Geologists Study Historic Patterns of Climate Change

Apr 30, 2010 By Wendy Beckman
Professor Tom Lowell studies the ancient past as one way of helping us prepare for the future.

(PhysOrg.com) -- University of Cincinnati geologist Tom Lowell is part of a team studying the effects of melting ancient glaciers. The research has implications for global warming, as published this week in Science Express.

Tom Lowell is scared of what his latest research suggests.

Lowell, a professor of geology in the McMicken College of Arts and Sciences at the University of Cincinnati, is part of a team that for years has been researching the melting of ice sheets along what is now the border between Canada and the United States around the Great Lakes region.

The group’s latest results are being published this week in as “Freshwater Outburst from Lake Superior as a Trigger for the Cold Event 9,300 Years Ago,” by Shi-Yong Yu, Steven Colman, Lowell, Glenn Milne, Timothy Fisher, Andy Breckenridge, Matthew Boyd and James Teller. The international team represents the University of Minnesota, Tulane University, UC, the University of Ottawa, the University of Toledo, Mercyhurst College, Lakehead University and the University of Manitoba.

show that about 9,300 years ago, the experienced a massive cooling event. It has been unknown what caused this — until now.

In the paper, the authors note that 9,300 years ago, Earth’s climate was very unstable. The North Atlantic Ocean experienced a sudden drop of temperature of about 2° C (3.6° F).

"We looked at what Lake Superior was doing 9,3000 years ago and found a sudden drop in lake level,” says Lowell. “So we suggested that the lake supplied fresh water to the oceans, which altered .”

This work is part of a general theme of the research working on the effects of the melting of the ice sheet. “How large or fast must the melting be to perturb the ocean enough to cause climate change?” asks Lowell.

What concerns Lowell are the potential parallels between those prehistoric events and current climate change.

“Could future global warming be significant enough that the melting of the Greenland ice sheet might also cause perturbation in the ocean?” he asks.

“The question is, did it happen?” Lowell adds. He notes that there is a time correlation between sample cores in the Lake Superior/St. Lawrence River samples and the Greenland sample cores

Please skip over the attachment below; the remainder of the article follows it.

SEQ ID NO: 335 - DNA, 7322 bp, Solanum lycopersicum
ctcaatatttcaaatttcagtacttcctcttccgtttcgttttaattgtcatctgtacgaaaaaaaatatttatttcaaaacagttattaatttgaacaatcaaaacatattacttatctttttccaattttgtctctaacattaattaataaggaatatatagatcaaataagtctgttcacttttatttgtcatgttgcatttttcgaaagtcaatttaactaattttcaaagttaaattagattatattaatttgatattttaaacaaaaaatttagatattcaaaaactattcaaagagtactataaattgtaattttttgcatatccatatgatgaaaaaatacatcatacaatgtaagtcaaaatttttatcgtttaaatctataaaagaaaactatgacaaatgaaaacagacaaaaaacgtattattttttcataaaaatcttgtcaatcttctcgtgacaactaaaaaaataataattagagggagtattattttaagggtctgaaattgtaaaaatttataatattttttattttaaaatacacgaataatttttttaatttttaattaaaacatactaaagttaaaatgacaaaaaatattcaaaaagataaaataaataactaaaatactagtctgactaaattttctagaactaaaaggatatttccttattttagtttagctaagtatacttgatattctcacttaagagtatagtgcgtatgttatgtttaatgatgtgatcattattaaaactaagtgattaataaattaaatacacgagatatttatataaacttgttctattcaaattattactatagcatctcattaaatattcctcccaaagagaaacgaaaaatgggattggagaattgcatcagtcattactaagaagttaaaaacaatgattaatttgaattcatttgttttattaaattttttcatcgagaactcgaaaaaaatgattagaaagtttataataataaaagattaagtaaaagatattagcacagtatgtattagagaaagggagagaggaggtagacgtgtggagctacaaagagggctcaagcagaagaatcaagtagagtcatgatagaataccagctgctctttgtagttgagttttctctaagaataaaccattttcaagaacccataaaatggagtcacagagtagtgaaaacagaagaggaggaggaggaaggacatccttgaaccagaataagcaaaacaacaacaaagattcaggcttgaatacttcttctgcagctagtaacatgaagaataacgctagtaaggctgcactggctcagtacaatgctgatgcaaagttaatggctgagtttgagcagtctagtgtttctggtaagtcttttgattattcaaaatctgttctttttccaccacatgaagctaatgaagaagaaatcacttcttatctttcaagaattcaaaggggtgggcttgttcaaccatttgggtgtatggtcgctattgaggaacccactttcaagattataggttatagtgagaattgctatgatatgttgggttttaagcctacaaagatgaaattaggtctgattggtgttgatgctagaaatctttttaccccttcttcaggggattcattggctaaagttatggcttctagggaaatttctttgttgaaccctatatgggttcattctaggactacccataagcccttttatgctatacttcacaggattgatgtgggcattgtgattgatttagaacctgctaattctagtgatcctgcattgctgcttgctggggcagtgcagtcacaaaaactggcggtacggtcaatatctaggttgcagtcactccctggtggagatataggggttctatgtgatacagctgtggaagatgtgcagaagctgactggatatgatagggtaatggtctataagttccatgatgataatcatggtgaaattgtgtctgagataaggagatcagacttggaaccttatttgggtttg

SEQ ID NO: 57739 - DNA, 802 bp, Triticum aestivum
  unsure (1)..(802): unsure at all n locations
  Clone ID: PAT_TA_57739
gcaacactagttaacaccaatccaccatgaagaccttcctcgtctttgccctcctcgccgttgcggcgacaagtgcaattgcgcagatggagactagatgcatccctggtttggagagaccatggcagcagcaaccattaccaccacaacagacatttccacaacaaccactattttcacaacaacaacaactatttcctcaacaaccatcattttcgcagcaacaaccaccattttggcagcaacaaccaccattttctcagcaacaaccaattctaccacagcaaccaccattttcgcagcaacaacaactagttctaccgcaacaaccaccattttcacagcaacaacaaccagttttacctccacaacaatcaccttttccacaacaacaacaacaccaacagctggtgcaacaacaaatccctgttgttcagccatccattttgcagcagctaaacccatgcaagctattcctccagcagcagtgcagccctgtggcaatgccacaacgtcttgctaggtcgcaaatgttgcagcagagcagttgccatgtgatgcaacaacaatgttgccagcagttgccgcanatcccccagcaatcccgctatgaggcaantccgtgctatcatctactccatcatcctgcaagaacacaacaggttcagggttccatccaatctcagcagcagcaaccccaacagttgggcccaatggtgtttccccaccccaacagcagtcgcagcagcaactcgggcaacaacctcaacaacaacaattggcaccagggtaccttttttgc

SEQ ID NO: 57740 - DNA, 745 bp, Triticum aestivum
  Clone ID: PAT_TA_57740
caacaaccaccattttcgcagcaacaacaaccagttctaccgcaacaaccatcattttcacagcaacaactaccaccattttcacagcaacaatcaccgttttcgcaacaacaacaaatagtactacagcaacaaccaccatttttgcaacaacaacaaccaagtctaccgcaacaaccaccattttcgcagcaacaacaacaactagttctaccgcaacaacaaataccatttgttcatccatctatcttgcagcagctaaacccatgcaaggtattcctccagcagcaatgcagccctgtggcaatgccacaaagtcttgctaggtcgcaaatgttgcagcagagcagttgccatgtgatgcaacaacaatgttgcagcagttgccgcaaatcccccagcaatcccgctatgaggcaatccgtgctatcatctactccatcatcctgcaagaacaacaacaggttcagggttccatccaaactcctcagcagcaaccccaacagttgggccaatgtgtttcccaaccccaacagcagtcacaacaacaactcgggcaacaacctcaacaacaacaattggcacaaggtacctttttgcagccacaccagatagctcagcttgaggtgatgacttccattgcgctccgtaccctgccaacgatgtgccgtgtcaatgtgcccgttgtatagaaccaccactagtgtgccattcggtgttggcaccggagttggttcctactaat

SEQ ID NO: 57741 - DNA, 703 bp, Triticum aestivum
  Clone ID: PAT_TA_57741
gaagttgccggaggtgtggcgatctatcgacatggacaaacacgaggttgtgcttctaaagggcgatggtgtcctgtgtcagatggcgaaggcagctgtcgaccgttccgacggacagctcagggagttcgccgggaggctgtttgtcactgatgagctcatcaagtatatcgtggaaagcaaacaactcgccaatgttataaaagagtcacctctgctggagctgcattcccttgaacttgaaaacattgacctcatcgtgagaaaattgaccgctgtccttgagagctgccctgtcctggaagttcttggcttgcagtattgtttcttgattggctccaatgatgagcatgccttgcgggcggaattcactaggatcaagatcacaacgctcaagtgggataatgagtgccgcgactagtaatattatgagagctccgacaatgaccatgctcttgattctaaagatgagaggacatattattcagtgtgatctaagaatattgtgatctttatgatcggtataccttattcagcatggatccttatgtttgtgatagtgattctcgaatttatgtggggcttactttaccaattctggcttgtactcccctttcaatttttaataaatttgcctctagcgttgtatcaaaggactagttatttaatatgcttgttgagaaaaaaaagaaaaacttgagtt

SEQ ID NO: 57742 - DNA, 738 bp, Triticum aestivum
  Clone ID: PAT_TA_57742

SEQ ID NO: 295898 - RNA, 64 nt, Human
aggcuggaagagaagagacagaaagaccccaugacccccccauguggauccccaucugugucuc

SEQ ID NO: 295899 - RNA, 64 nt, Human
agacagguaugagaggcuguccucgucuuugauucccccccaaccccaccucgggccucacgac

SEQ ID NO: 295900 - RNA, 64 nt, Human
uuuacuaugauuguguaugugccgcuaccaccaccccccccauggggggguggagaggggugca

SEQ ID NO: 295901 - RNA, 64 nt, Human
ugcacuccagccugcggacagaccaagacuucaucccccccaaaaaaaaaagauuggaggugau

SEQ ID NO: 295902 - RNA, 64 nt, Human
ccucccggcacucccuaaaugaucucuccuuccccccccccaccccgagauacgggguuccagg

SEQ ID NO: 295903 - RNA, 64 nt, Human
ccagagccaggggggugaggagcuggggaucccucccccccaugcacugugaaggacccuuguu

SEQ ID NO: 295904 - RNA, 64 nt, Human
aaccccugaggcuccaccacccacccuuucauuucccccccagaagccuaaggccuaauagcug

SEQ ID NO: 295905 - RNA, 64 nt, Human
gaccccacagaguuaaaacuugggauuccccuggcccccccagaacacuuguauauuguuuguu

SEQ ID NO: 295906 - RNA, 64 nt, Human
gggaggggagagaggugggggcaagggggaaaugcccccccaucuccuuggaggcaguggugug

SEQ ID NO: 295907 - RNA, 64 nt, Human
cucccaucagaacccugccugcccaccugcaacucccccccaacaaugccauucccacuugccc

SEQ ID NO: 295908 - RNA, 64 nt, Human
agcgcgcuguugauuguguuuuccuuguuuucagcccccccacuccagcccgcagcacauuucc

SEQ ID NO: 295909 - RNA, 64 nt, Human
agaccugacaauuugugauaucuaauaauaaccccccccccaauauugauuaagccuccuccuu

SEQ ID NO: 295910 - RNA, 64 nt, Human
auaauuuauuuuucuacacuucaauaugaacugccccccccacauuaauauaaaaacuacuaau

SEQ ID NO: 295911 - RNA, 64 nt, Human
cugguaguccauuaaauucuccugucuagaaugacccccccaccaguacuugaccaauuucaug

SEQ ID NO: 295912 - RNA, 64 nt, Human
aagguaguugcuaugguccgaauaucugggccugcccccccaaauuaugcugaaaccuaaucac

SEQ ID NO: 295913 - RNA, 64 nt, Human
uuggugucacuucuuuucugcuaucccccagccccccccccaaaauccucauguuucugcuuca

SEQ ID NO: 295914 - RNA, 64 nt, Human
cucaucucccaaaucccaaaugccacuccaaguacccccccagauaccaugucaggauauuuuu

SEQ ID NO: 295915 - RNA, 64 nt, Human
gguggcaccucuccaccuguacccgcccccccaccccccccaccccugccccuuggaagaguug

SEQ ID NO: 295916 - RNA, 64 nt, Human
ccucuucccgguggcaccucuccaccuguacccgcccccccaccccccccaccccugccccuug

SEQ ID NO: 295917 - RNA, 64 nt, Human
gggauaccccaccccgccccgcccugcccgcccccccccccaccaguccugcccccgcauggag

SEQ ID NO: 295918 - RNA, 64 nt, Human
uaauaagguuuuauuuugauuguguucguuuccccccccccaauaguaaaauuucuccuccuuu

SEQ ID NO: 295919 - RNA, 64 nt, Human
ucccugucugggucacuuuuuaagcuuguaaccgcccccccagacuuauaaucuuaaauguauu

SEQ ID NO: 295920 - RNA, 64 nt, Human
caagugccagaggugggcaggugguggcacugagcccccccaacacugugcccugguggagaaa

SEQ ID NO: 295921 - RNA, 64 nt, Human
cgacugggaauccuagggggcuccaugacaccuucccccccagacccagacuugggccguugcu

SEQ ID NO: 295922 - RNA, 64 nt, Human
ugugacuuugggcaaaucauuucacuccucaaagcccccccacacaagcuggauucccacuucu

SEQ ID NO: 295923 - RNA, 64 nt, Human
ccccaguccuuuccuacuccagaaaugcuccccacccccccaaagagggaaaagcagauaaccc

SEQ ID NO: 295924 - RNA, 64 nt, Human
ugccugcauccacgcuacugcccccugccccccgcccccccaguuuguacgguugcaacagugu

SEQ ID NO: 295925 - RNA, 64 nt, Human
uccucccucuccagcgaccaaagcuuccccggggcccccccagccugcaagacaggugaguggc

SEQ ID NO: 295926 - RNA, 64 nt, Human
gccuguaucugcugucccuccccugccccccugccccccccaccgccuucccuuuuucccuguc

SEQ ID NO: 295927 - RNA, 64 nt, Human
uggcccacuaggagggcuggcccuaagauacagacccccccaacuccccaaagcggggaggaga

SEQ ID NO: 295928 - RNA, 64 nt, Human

“But is it correlative, causative or coincidental?” he asks. “We don’t know yet. More research is needed.”

This research, as is other research of Lowell’s, was funded by the Comer Science and Education Foundation. Gary Comer, the founder of Lands’ End, after retirement sailed the Northwest Passage in his private yacht.

Lowell says, “Mr. Comer asked himself, ‘Why could I do this when the old-timers couldn’t?’ and he realized that we needed to do something about climate change. So he came to the scientists for answers.”

Lowell stresses that studying the ancient past, as he is, is one way of helping us prepare for the future. But it’s going to take more direct actions, perhaps in the form of geoengineering, to slay the dragon of .

“It’s not going to be enough to conserve our way out,” says Lowell. “Our concern is not whether climate change is going to happen in our children’s lives; it’s how much and what can they live with.”

Explore further: Likely near-simultaneous earthquakes complicate seismic hazard planning for Italy

More information: Paper: www.sciencemag.org/cgi/content… ract/science.1187860

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jonnyboy
1.8 / 5 (5) Apr 30, 2010
"Tom Lowell is scared...." enough said, if Tom is scared the Apocalypse is at hand.
Parsec
5 / 5 (4) Apr 30, 2010
"Tom Lowell is scared...." enough said, if Tom is scared the Apocalypse is at hand.


Typical. Read the first line of an article and dismiss the rest. Basically sums up the climate deniers information gathering strategy.
jgelt
2.3 / 5 (3) Apr 30, 2010
Well, gee. It seems like only yesterday the Australians were saying that melting ice caused warming. Now we hear it causes cooling.
This conundrum is nicely encapsulated by merging the two salient quotes from this article:
"Could future global warming " cause "a massive cooling event".
Yes, sir. This is post normal stuff.
Fortunately, his worries are unfounded. There are no glaciers covering North America, there will be no megaflood from ice dams releasing huge amounts of landlocked water in a burst. There are, in fact no parallels whatsoever between climate now and climate then. He overegged his batter, but I suppose he knows what knob to polish to get a grant past the gatekeepers, eh?
jgelt
2.3 / 5 (3) Apr 30, 2010
http://www.whoi.e...id=41786
This was a topic back in '07.
The new spin is just rebranding it for AGW abuse.